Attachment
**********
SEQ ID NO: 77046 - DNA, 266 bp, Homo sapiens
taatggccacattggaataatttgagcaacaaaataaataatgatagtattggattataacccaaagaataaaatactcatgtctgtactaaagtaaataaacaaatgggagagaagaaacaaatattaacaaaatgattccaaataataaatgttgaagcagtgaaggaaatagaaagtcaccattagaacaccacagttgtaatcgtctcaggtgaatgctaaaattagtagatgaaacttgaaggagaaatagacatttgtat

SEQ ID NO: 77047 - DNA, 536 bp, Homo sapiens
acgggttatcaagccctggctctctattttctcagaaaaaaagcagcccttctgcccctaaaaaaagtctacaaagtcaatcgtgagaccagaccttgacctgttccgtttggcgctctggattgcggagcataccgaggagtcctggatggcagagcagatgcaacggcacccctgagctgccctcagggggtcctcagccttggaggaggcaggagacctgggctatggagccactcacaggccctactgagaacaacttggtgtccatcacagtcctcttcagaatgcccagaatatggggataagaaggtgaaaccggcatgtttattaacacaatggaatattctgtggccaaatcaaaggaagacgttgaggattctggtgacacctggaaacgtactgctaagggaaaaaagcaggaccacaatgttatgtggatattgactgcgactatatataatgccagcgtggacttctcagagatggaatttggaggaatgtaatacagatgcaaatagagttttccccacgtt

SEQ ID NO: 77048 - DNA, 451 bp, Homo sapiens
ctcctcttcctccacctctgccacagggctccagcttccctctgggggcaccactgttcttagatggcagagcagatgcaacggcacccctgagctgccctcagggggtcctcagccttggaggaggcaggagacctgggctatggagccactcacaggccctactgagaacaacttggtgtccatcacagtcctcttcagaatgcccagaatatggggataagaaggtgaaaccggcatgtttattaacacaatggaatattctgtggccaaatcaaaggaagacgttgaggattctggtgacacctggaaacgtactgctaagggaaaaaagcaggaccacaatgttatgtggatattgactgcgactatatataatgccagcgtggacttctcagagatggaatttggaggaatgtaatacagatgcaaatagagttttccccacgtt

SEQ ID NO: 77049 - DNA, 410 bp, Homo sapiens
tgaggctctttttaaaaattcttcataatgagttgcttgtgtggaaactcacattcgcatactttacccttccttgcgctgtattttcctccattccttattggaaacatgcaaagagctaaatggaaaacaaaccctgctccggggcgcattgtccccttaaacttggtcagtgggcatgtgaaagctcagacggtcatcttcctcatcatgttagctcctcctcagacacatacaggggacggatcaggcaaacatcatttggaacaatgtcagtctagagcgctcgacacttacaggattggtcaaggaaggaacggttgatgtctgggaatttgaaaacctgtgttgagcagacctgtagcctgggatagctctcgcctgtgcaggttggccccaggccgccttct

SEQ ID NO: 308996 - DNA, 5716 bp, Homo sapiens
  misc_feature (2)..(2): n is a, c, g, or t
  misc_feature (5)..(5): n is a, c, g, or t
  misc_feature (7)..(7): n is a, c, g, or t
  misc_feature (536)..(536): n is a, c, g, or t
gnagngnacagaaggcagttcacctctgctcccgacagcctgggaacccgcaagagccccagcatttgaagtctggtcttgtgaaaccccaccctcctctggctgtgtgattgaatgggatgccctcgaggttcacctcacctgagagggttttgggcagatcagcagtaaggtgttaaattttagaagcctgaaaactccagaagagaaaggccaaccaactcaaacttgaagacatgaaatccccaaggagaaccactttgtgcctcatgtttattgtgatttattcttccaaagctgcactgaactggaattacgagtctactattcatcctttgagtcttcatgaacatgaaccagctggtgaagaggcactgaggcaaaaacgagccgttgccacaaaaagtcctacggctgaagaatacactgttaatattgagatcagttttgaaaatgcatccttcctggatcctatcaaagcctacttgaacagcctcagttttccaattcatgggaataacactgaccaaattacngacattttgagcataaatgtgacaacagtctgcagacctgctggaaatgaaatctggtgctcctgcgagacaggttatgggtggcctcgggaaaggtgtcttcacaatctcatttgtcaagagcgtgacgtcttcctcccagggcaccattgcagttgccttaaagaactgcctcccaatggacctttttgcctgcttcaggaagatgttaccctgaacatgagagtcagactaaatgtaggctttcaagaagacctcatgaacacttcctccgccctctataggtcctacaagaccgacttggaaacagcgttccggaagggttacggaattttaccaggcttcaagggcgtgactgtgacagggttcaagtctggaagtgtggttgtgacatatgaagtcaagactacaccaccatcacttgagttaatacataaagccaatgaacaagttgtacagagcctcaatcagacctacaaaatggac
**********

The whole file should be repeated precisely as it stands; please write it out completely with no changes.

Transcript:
SEQ ID NO: 77046 - DNA, 266 bp, Homo sapiens
taatggccacattggaataatttgagcaacaaaataaataatgatagtattggattataacccaaagaataaaatactcatgtctgtactaaagtaaataaacaaatgggagagaagaaacaaatattaacaaaatgattccaaataataaatgttgaagcagtgaaggaaatagaaagtcaccattagaacaccacagttgtaatcgtctcaggtgaatgctaaaattagtagatgaaacttgaaggagaaatagacatttgtat

SEQ ID NO: 77047 - DNA, 536 bp, Homo sapiens
acgggttatcaagccctggctctctattttctcagaaaaaaagcagcccttctgcccctaaaaaaagtctacaaagtcaatcgtgagaccagaccttgacctgttccgtttggcgctctggattgcggagcataccgaggagtcctggatggcagagcagatgcaacggcacccctgagctgccctcagggggtcctcagccttggaggaggcaggagacctgggctatggagccactcacaggccctactgagaacaacttggtgtccatcacagtcctcttcagaatgcccagaatatggggataagaaggtgaaaccggcatgtttattaacacaatggaatattctgtggccaaatcaaaggaagacgttgaggattctggtgacacctggaaacgtactgctaagggaaaaaagcaggaccacaatgttatgtggatattgactgcgactatatataatgccagcgtggacttctcagagatggaatttggaggaatgtaatacagatgcaaatagagttttccccacgtt

SEQ ID NO: 77048 - DNA, 451 bp, Homo sapiens
ctcctcttcctccacctctgccacagggctccagcttccctctgggggcaccactgttcttagatggcagagcagatgcaacggcacccctgagctgccctcagggggtcctcagccttggaggaggcaggagacctgggctatggagccactcacaggccctactgagaacaacttggtgtccatcacagtcctcttcagaatgcccagaatatggggataagaaggtgaaaccggcatgtttattaacacaatggaatattctgtggccaaatcaaaggaagacgttgaggattctggtgacacctggaaacgtactgctaagggaaaaaagcaggaccacaatgttatgtggatattgactgcgactatatataatgccagcgtggacttctcagagatggaatttggaggaatgtaatacagatgcaaatagagttttccccacgtt

SEQ ID NO: 77049 - DNA, 410 bp, Homo sapiens
tgaggctctttttaaaaattcttcataatgagttgcttgtgtggaaactcacattcgcatactttacccttccttgcgctgtattttcctccattccttattggaaacatgcaaagagctaaatggaaaacaaaccctgctccggggcgcattgtccccttaaacttggtcagtgggcatgtgaaagctcagacggtcatcttcctcatcatgttagctcctcctcagacacatacaggggacggatcaggcaaacatcatttggaacaatgtcagtctagagcgctcgacacttacaggattggtcaaggaaggaacggttgatgtctgggaatttgaaaacctgtgttgagcagacctgtagcctgggatagctctcgcctgtgcaggttggccccaggccgccttct

SEQ ID NO: 308996 - DNA, 5716 bp, Homo sapiens
  misc_feature (2)..(2): n is a, c, g, or t
  misc_feature (5)..(5): n is a, c, g, or t
  misc_feature (7)..(7): n is a, c, g, or t
  misc_feature (536)..(536): n is a, c, g, or t
gnagngnacagaaggcagttcacctctgctcccgacagcctgggaacccgcaagagccccagcatttgaagtctggtcttgtgaaaccccaccctcctctggctgtgtgattgaatgggatgccctcgaggttcacctcacctgagagggttttgggcagatcagcagtaaggtgttaaattttagaagcctgaaaactccagaagagaaaggccaaccaactcaaacttgaagacatgaaatccccaaggagaaccactttgtgcctcatgtttattgtgatttattcttccaaagctgcactgaactggaattacgagtctactattcatcctttgagtcttcatgaacatgaaccagctggtgaagaggcactgaggcaaaaacgagccgttgccacaaaaagtcctacggctgaagaatacactgttaatattgagatcagttttgaaaatgcatccttcctggatcctatcaaagcctacttgaacagcctcagttttccaattcatgggaataacactgaccaaattacngacattttgagcataaatgtgacaacagtctgcagacctgctggaaatgaaatctggtgctcctgcgagacaggttatgggtggcctcgggaaaggtgtcttcacaatctcatttgtcaagagcgtgacgtcttcctcccagggcaccattgcagttgccttaaagaactgcctcccaatggacctttttgcctgcttcaggaagatgttaccctgaacatgagagtcagactaaatgtaggctttcaagaagacctcatgaacacttcctccgccctctataggtcctacaagaccgacttggaaacagcgttccggaagggttacggaattttaccaggcttcaagggcgtgactgtgacagggttcaagtctggaagtgtggttgtgacatatgaagtcaagactacaccaccatcacttgagttaatacataaagccaatgaacaagttgtacagagcctcaatcagacctacaaaatggac